Dictionary of National Biography, 1885-1900/Johns, David

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JOHNS, DAVID (1794–1843), missionary to Madagascar, born in 1794, was the son of J. Johns of Llain, Llanarth, Monmouthshire. He became church member at Penrhiwgaled, and, first at Neuaddlwyd, and afterwards at Newtown and Gosport, studied to qualify himself as a missionary to Madagascar. He was ordained at Penrhiwgaled 14 Feb. 1826. He married Mary, daughter of W. Thomas, independent minister at Bala, and set sail for Madagascar 11 May 1826. On their arrival they were welcomed by David Jones (d. 1841) [q. v.] and David Griffiths [q. v.], with whom Johns regularly co-operated till 1836. Persecution then compelled Johns and his companions to retire to the Mauritius, which he left for England in May 1839. He returned thither in January 1841, and paid several visits to Madagascar. On one of these he was taken ill, and died at Nossi Bé, a small island off the north-west coast of Madagascar, on 6 Aug. 1843, aged 49. With the help of J. Rainison, superintendent of schools, Johns translated Bunyan's ‘Pilgrim's Progress’ into the Malagasy vernacular, and prepared school-books and other small works. In 1840 he published a work in Welsh, giving a history of the persecution of the Christians at Madagascar. He also published a ‘Dictionary of the Malagasy Language,’ 1835, 8vo.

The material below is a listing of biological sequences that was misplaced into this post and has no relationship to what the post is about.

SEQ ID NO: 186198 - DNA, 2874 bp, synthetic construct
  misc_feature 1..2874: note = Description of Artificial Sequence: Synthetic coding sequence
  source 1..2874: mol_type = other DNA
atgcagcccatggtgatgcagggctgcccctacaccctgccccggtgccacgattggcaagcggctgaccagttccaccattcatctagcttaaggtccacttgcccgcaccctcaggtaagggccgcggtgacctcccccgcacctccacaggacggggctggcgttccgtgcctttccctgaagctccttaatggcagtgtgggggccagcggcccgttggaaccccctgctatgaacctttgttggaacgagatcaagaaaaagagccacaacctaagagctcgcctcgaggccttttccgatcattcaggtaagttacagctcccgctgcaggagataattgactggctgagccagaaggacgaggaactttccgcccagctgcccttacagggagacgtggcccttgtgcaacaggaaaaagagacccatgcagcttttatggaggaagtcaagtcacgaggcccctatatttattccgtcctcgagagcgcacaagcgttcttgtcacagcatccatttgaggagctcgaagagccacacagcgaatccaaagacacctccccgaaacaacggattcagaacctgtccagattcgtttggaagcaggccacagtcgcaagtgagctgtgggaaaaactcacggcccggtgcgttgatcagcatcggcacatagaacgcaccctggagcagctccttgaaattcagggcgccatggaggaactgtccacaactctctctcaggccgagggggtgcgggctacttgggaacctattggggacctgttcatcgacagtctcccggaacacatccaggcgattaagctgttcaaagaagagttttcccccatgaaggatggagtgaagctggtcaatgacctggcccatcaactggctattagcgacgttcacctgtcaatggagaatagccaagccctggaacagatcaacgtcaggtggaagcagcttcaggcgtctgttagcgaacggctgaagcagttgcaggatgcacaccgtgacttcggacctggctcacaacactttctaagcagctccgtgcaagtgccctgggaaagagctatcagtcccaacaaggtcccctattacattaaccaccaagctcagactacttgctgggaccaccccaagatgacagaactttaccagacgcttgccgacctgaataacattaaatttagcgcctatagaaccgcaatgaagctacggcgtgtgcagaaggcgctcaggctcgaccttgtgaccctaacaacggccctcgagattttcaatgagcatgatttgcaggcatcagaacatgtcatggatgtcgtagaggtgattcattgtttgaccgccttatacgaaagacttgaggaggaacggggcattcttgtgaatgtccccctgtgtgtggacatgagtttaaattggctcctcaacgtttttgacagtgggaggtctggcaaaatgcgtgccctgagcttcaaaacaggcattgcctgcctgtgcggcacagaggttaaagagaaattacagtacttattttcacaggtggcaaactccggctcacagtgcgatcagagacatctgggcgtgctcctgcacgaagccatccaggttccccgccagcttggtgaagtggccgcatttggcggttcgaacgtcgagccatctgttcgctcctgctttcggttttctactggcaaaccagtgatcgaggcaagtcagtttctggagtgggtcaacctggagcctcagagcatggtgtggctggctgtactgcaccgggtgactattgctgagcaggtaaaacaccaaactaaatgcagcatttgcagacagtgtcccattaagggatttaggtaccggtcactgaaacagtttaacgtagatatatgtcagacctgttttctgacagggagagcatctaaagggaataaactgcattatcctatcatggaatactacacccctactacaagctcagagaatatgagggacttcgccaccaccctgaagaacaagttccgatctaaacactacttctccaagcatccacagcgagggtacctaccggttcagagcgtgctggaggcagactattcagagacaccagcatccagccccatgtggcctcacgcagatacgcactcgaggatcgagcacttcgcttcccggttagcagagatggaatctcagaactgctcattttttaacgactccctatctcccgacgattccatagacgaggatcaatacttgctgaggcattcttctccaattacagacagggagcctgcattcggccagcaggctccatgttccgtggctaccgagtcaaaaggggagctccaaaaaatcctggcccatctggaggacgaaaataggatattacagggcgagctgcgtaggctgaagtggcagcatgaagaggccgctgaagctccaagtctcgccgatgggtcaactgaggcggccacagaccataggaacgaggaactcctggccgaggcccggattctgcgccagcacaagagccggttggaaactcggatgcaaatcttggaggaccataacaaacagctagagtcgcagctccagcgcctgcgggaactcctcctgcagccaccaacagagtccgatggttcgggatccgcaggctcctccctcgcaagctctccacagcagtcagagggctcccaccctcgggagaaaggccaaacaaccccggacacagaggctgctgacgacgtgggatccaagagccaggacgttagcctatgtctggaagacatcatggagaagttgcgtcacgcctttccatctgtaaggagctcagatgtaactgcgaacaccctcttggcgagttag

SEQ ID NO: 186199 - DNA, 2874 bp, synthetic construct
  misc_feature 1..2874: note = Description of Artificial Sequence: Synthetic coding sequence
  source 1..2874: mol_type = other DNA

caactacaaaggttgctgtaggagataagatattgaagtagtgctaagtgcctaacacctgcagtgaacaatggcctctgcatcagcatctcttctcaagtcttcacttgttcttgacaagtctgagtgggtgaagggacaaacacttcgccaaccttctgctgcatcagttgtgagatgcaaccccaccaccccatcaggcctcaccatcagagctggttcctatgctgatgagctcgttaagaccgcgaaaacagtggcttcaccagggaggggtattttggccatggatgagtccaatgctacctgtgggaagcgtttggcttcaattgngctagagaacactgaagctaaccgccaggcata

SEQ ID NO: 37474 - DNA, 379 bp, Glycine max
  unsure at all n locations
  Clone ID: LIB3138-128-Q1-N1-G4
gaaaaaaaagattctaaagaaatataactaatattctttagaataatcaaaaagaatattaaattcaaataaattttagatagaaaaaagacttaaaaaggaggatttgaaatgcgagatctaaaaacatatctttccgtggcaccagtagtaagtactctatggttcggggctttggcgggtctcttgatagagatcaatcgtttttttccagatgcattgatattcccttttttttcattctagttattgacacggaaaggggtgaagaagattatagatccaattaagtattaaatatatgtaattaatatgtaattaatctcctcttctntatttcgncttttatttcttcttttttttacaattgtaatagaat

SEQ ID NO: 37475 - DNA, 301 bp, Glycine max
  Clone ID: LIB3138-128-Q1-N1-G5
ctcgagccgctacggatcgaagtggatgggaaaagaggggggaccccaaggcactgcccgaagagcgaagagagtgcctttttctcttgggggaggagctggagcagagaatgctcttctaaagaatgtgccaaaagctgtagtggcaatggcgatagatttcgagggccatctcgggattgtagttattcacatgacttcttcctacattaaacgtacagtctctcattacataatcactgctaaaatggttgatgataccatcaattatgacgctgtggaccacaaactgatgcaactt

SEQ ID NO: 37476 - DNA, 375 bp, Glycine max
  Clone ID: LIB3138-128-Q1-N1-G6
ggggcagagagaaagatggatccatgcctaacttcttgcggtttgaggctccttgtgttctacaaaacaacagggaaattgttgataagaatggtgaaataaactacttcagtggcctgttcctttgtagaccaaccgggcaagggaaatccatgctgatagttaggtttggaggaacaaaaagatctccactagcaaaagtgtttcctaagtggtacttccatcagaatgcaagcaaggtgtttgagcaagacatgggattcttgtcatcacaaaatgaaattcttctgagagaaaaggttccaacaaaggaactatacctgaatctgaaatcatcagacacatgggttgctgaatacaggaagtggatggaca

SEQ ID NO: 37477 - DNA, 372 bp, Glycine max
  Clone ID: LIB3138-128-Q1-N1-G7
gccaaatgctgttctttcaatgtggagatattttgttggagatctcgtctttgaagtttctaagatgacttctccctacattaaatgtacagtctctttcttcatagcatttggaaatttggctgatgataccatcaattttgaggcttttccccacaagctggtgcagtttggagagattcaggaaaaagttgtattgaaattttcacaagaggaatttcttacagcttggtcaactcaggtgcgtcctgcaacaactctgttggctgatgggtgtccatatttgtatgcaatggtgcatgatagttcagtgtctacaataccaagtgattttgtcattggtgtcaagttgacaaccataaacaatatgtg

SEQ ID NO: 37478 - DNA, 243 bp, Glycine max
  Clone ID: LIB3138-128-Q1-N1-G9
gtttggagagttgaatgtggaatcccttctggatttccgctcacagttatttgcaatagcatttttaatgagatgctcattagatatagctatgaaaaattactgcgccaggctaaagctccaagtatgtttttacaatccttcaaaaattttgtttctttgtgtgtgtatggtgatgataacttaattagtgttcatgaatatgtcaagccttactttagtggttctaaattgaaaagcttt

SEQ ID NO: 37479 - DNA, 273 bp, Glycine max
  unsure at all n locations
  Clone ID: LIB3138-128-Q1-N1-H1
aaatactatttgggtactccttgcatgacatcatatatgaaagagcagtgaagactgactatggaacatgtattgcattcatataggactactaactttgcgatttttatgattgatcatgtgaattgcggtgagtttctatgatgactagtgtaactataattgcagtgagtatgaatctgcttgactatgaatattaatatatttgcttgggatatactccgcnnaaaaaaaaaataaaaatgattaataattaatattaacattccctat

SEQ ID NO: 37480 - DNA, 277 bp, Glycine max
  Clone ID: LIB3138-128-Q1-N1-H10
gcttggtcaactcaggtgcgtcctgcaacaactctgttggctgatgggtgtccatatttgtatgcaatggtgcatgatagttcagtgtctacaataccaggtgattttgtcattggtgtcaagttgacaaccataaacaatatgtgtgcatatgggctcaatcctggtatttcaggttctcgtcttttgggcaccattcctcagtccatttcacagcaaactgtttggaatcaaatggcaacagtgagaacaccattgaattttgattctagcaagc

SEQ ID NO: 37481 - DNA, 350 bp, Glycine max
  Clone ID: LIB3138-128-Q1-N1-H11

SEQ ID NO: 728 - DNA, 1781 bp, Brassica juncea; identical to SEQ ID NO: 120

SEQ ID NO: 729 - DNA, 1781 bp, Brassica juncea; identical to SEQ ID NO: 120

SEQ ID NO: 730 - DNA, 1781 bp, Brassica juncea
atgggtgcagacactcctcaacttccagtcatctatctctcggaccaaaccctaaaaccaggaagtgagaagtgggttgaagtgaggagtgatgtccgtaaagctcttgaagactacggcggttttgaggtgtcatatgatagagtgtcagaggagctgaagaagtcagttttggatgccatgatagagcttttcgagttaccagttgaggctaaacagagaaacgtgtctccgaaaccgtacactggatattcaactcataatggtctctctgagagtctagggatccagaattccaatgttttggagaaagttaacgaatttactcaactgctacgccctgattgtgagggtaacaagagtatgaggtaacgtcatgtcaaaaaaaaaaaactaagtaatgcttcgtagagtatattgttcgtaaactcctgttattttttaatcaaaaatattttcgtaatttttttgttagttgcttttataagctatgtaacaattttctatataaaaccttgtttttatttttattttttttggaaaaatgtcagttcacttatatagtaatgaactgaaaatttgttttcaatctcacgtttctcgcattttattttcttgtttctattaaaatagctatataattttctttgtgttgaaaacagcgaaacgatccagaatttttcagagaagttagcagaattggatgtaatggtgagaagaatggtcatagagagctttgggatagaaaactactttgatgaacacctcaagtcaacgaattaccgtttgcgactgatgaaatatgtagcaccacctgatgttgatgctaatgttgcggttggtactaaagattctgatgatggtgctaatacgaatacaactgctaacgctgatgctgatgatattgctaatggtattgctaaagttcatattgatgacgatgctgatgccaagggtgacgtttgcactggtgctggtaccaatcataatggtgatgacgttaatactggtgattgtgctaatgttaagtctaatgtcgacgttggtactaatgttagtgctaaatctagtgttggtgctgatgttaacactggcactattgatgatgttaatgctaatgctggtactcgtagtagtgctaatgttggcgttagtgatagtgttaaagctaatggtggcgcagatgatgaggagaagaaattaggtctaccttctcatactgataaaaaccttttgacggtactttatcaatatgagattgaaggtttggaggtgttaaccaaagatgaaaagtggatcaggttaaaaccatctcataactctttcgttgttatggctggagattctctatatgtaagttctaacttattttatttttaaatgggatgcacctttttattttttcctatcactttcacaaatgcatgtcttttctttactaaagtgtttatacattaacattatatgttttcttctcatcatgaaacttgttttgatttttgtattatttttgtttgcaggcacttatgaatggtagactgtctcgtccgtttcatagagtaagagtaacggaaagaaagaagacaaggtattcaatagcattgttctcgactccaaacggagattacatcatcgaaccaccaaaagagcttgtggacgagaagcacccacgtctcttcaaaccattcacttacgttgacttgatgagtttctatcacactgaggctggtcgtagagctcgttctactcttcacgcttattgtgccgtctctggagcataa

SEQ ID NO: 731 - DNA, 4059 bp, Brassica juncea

[Eglwysi Annybynol, i. 408, iv. 141; Enwogion Ceredigion; Enwogion Sir Aberteifi; Jones's Geiriadur Bywgraffyddol.]

R. J. J.